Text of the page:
Netflix art heist doc needs focus

One thing that I’ve always appreciated about streaming services is that they give film and television makers an unprecedented level of creative control that might not be possible through more “traditional” means. Free of outside pressures such as strict rating guidelines, the need to attract advertisers, and time constraints, platforms such as Netflix, Hulu, and Amazon Prime can sometimes allow artists to refine their visions from what might have been a crude sketch to a full blown mural. 

The looser restrictions can also be a detriment, however, as some creators don’t seem to understand that less is sometimes more. I have often found this to be the case amongst the most unlikely of entertainers: documentarians. This is a Robbery: The World’s Biggest Art Heist, is one such documentary that could have greatly benefited from firmer studio control. There are many good things about it, from the visuals to the overall story, but the fact remains that it is was just too long and went on far too many unnecessary tangents to keep my attention. 

 Visually, This is a Robbery hits all the right notes for me. The reenactments are understated and accompany voiceovers instead of attempting to tell the story by themselves, the still shots of the crime’s aftermath are fascinating, and there is always something nice to look at. The story was one that intrigued me, as I have never heard of the 1990 robbery of Boston’s Isabella Stewart Gardener Museum, and includes a huge cast of interesting, real-life characters that range from stoner security guards to museum curators to mobsters. I was also a fan of the music, although there is no denying that it was occasionally too loud and even got obnoxious once or twice. All of the right pieces for a great documentary are there.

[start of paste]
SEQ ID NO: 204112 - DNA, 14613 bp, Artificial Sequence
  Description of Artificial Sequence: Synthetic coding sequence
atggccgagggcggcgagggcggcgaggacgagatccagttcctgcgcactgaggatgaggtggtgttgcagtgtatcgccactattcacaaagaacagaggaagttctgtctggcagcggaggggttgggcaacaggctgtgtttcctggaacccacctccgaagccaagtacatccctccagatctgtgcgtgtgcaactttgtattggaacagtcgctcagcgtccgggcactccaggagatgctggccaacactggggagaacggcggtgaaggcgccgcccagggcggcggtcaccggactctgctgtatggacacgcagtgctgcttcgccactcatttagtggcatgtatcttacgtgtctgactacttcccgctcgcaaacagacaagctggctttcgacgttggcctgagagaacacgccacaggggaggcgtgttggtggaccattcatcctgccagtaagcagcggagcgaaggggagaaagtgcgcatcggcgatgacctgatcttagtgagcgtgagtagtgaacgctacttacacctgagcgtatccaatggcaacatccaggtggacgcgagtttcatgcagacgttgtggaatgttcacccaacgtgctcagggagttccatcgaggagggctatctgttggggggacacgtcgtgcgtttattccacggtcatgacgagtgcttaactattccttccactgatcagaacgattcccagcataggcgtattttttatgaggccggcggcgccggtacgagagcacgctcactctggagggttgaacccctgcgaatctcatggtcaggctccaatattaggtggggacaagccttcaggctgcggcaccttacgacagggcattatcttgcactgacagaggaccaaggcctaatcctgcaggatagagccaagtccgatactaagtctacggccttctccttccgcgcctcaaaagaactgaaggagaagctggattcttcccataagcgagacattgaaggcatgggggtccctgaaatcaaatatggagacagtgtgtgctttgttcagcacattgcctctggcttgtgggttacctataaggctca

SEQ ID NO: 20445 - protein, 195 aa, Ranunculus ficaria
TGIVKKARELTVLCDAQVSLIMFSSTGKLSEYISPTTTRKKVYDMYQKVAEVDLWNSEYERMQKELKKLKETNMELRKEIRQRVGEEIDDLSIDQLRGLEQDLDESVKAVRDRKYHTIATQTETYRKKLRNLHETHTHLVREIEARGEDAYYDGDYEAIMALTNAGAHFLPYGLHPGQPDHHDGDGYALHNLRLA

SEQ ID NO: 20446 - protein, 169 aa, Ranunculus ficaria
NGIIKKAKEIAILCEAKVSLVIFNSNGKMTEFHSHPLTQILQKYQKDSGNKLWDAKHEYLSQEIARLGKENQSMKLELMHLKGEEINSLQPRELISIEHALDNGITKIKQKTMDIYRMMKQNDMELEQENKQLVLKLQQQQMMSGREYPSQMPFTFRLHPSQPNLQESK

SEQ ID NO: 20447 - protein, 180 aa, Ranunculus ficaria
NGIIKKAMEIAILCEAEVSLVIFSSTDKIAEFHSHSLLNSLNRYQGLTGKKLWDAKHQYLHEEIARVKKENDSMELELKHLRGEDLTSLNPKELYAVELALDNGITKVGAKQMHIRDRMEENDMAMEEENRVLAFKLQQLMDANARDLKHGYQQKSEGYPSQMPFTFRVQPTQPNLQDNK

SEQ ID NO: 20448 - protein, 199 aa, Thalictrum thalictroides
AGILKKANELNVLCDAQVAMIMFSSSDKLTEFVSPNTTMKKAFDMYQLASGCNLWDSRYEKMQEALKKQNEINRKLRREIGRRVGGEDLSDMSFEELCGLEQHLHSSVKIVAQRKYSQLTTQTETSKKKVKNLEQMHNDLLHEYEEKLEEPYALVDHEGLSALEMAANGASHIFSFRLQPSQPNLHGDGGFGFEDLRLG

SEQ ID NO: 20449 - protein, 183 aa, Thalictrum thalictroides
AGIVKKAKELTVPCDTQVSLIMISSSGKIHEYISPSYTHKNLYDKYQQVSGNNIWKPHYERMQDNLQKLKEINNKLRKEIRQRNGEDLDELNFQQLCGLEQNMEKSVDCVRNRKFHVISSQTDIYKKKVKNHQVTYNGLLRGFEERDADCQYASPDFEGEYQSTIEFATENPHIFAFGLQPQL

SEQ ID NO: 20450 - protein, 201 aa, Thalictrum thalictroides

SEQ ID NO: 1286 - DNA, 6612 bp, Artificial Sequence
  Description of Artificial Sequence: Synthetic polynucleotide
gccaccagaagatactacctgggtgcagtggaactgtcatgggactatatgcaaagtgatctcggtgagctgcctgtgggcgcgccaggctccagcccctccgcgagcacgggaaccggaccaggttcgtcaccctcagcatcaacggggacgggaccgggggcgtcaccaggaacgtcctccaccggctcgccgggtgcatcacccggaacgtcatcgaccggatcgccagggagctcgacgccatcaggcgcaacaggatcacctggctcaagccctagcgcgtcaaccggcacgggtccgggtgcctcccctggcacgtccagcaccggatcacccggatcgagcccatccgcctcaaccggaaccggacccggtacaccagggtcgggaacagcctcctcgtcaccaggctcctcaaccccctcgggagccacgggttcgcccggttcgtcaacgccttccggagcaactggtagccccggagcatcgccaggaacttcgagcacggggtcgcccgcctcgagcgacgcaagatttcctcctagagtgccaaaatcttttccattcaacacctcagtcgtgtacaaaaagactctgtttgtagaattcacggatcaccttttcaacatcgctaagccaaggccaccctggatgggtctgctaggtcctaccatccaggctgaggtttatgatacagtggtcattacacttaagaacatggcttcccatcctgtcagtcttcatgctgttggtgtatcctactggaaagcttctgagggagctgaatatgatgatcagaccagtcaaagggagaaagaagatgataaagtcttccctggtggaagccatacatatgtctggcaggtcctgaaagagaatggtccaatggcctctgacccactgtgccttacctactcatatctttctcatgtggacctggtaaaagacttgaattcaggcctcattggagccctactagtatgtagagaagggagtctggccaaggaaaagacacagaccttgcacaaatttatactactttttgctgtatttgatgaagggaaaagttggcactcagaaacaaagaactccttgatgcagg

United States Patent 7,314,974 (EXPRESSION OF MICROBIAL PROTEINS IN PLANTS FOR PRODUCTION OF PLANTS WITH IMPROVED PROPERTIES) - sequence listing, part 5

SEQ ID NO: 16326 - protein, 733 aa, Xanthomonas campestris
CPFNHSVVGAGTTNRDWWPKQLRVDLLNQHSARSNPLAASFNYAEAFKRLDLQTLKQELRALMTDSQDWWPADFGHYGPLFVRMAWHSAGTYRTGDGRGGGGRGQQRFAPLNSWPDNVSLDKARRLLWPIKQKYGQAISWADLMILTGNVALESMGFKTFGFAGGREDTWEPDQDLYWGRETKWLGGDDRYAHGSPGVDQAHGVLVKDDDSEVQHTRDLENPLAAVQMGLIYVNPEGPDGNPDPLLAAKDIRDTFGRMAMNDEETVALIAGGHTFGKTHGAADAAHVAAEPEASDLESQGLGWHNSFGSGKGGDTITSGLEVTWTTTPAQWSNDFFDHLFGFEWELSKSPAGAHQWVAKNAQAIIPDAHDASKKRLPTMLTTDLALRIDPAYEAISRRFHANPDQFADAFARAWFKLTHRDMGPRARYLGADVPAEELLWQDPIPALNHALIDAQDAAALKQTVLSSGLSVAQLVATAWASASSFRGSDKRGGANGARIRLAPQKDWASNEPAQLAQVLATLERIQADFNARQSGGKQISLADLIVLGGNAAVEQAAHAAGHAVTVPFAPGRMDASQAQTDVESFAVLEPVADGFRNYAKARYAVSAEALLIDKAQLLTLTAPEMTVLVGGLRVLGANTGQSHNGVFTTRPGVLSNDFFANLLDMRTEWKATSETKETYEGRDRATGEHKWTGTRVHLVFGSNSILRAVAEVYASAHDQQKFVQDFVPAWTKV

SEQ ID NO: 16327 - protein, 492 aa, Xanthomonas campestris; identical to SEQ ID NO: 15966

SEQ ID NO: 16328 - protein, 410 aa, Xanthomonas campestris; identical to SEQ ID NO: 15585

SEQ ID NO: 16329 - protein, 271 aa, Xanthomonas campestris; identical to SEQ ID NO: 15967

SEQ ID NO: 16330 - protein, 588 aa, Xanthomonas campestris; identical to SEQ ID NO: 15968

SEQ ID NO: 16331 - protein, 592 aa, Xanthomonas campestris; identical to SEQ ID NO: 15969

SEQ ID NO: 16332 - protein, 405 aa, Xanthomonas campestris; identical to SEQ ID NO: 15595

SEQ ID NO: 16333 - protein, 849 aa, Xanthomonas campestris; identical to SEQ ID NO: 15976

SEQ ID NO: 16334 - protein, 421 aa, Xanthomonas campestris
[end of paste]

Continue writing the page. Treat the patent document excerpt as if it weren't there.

But just because you have the option to make your documentary four hours long doesn’t mean you have to make your documentary four hours long. The four hour-long episode format is, thankfully, a break from Netflix’s usual six hour-long episode structure, which means This is a Robbery doesn’t drag as much as other recent offerings from this particular service, which is nice. But drag it still does, particularly when the show starts to focus more on the mob (which includes many primary suspects) and less on the titular crime itself. The creators also seemed to feel the need to interview everyone they could point a camera at, as some of the talking heads felt completely unnecessary. The documentary repeats ideas constantly as well, as if the audience is made up of particularly forgetful goldfish. Needless to say, less would have been more in this case. 

At the end of the day, This is a Robbery is still a very interesting and competently made documentary. It just also happened to cross the thin line between being thorough and being a little too bloated for its own good. Ultimately, I do not feel like my time has been stolen, if you’ll forgive the pun. 

This is a Robbery: The World’s Biggest Art Heist is now available on Netflix.